Another exciting and varied week at South Somerset District Council’s Community Heritage Access Centre, near Yeovil, Somerset.
One of our intriguing new donations is a series of colour photographs. These are fascinating for a number of reasons. Firstly, they date from the early 1980s; a time clearly within living memory, but because of being so recent, may not be thought worthy of inclusion in a museum collection. However, important changes and developments would have been lost if someone had not put their eye to the view finder and pressed the shutter release.
In the specific case of these photographs they document the major changes around Vicarage Street in Yeovil and the construction of the Quedam Shopping Centre (see footnote for meaning of Quedam) which is almost unrecognisable today when compared to what the street used to look like.
The photographs also highlight once more the significance of detailed and accurate documentation, which our volunteer team are helping us with greatly.
On the back of each photograph is a helpful caption – “Vicarage Street That Was!” 1983 for example. This could be enough for a description and would certainly mean something to those who have lived in Yeovil for some time or remember ‘life before the Quedam’ but the significant part of the description is to state exactly what is shown in the photograph and the date; firstly to differentiate the photograph from other images of Vicarage Street on our database; otherwise the brief description would simply be Vicarage Street 15 or 20 times over and an unless we could view them digitally, we would have to physically look at each individual photograph to ensure that was the one we wanted; secondly, extra detail can make the image meaningful for people unfamiliar with Yeovil and thirdly, and specific to this case, 4 or 5 images are of the same location, but taken from different perspectives, so we need to be as sure as we can what the buildings are, for our own time and for generations to come. This is especially true, when existing landmarks may have changed again in another generation.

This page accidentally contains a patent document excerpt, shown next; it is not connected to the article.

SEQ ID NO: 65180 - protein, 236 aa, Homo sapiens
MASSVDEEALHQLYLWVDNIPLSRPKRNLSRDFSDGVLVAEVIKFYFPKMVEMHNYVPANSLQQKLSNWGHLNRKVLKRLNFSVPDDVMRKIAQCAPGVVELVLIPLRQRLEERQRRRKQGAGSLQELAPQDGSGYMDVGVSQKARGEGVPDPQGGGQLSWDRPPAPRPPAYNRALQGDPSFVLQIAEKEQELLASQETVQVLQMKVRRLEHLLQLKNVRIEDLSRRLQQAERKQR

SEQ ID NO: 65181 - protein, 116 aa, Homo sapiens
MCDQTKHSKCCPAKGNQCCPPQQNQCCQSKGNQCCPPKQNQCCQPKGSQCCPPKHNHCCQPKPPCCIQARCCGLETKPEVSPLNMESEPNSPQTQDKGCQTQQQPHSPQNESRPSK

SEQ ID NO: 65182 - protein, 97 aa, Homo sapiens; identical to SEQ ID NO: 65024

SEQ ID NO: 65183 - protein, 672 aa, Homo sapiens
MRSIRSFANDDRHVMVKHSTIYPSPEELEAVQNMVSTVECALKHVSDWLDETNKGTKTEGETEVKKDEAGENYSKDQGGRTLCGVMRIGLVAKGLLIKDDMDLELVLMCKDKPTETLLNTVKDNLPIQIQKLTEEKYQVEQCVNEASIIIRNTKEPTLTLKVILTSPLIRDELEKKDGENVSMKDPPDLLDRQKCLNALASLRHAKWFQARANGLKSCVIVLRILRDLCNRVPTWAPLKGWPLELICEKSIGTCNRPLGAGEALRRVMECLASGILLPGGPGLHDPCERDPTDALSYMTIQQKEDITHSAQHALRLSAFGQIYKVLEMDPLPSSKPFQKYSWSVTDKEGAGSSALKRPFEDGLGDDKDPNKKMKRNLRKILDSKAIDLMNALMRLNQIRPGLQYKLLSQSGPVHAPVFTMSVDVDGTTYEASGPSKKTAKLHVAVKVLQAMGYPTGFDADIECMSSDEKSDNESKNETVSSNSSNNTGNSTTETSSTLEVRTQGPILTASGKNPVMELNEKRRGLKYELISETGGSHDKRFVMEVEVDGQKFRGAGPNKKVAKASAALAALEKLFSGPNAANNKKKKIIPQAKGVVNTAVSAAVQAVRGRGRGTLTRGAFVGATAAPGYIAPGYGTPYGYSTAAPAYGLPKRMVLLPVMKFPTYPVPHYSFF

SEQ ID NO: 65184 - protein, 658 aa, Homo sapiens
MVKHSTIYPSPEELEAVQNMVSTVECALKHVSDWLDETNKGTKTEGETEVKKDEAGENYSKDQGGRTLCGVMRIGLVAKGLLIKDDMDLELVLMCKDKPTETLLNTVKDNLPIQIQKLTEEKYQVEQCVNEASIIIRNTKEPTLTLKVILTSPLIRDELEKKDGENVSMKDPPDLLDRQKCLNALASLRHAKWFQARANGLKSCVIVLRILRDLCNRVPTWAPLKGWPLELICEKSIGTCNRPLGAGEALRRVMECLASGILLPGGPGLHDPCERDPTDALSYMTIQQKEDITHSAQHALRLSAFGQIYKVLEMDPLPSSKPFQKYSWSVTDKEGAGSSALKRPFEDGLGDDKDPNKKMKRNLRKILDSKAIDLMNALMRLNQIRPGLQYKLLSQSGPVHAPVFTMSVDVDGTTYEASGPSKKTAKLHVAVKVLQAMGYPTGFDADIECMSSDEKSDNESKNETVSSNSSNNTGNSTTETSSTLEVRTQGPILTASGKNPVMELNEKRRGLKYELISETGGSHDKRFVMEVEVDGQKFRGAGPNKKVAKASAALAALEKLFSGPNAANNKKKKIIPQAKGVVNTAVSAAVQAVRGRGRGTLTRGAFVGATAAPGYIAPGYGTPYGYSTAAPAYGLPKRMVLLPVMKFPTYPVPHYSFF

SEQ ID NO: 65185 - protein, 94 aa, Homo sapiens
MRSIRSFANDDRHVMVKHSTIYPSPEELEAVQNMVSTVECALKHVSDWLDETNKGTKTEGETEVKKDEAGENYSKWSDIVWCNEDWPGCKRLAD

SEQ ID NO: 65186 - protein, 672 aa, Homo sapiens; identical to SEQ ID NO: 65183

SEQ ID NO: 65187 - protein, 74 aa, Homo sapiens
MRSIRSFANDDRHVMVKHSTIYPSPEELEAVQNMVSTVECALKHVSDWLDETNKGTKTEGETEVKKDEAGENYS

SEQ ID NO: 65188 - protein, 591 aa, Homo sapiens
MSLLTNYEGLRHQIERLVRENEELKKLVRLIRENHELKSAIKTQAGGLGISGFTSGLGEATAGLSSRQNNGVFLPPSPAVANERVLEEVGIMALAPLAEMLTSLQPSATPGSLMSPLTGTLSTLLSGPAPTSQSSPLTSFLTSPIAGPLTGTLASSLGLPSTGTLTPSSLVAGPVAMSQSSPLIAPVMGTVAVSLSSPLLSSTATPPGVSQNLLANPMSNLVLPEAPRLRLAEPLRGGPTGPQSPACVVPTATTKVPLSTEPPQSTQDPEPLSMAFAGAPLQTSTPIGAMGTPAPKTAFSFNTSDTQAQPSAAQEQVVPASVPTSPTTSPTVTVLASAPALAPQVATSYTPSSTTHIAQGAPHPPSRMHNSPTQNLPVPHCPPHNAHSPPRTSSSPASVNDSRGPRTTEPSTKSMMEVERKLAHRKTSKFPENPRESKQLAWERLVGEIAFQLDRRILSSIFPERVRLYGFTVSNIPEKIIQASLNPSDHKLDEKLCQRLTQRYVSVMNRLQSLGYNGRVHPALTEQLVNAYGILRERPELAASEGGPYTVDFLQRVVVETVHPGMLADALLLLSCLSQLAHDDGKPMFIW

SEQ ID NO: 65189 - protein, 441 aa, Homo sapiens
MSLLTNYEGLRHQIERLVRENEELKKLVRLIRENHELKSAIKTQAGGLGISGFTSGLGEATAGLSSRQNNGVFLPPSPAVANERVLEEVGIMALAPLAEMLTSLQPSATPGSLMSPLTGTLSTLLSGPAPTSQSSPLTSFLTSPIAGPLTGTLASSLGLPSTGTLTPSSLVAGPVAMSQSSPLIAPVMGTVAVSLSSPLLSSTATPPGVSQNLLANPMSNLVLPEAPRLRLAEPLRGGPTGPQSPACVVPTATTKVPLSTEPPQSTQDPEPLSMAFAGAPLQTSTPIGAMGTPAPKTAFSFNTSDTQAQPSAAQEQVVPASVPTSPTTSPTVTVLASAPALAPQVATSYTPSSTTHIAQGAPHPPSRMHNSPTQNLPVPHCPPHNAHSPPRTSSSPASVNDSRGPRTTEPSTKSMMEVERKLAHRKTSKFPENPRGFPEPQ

The pictures are also helpfully dated in other ways – by cars – or as in the case below – what is in the car window! The images also reflect the social impact of the building work going on – as in the second example. This may not be high on the agenda for the upcoming election, but remains important in most towns, and especially so in Yeovil and notable as something, someone thought to record!
We are always grateful to receive (or copy) images of Yeovil and South Somerset – with a current interest in the early years of Westland. Please contact us via the Blog or contact us on (01935) 462886. For a time at everyone’s convenience!
We wonder where Andy and Jane are today!
Footnote: “Quedam” from Brooke, Leslie – “Yeovil History in Street Names” published Western Gazette and Yeovil Town Council:
“The name Quedam, which was the most frequent spelling used in early documents, seems to have been adopted as the result of a misunderstanding. In early leases, it frequently occured that the name of a location was unknown and was often recorded as ‘property in a certain street’, and since all such early transactions were recorded in Latin, the word quedam meaning ‘a certain’ was used. This fairly common expression seems to have been taken as a specific designation by a novice, whose Latin was not quite as extensive as it might have been, and so the error came to be perpetuated as a noun.”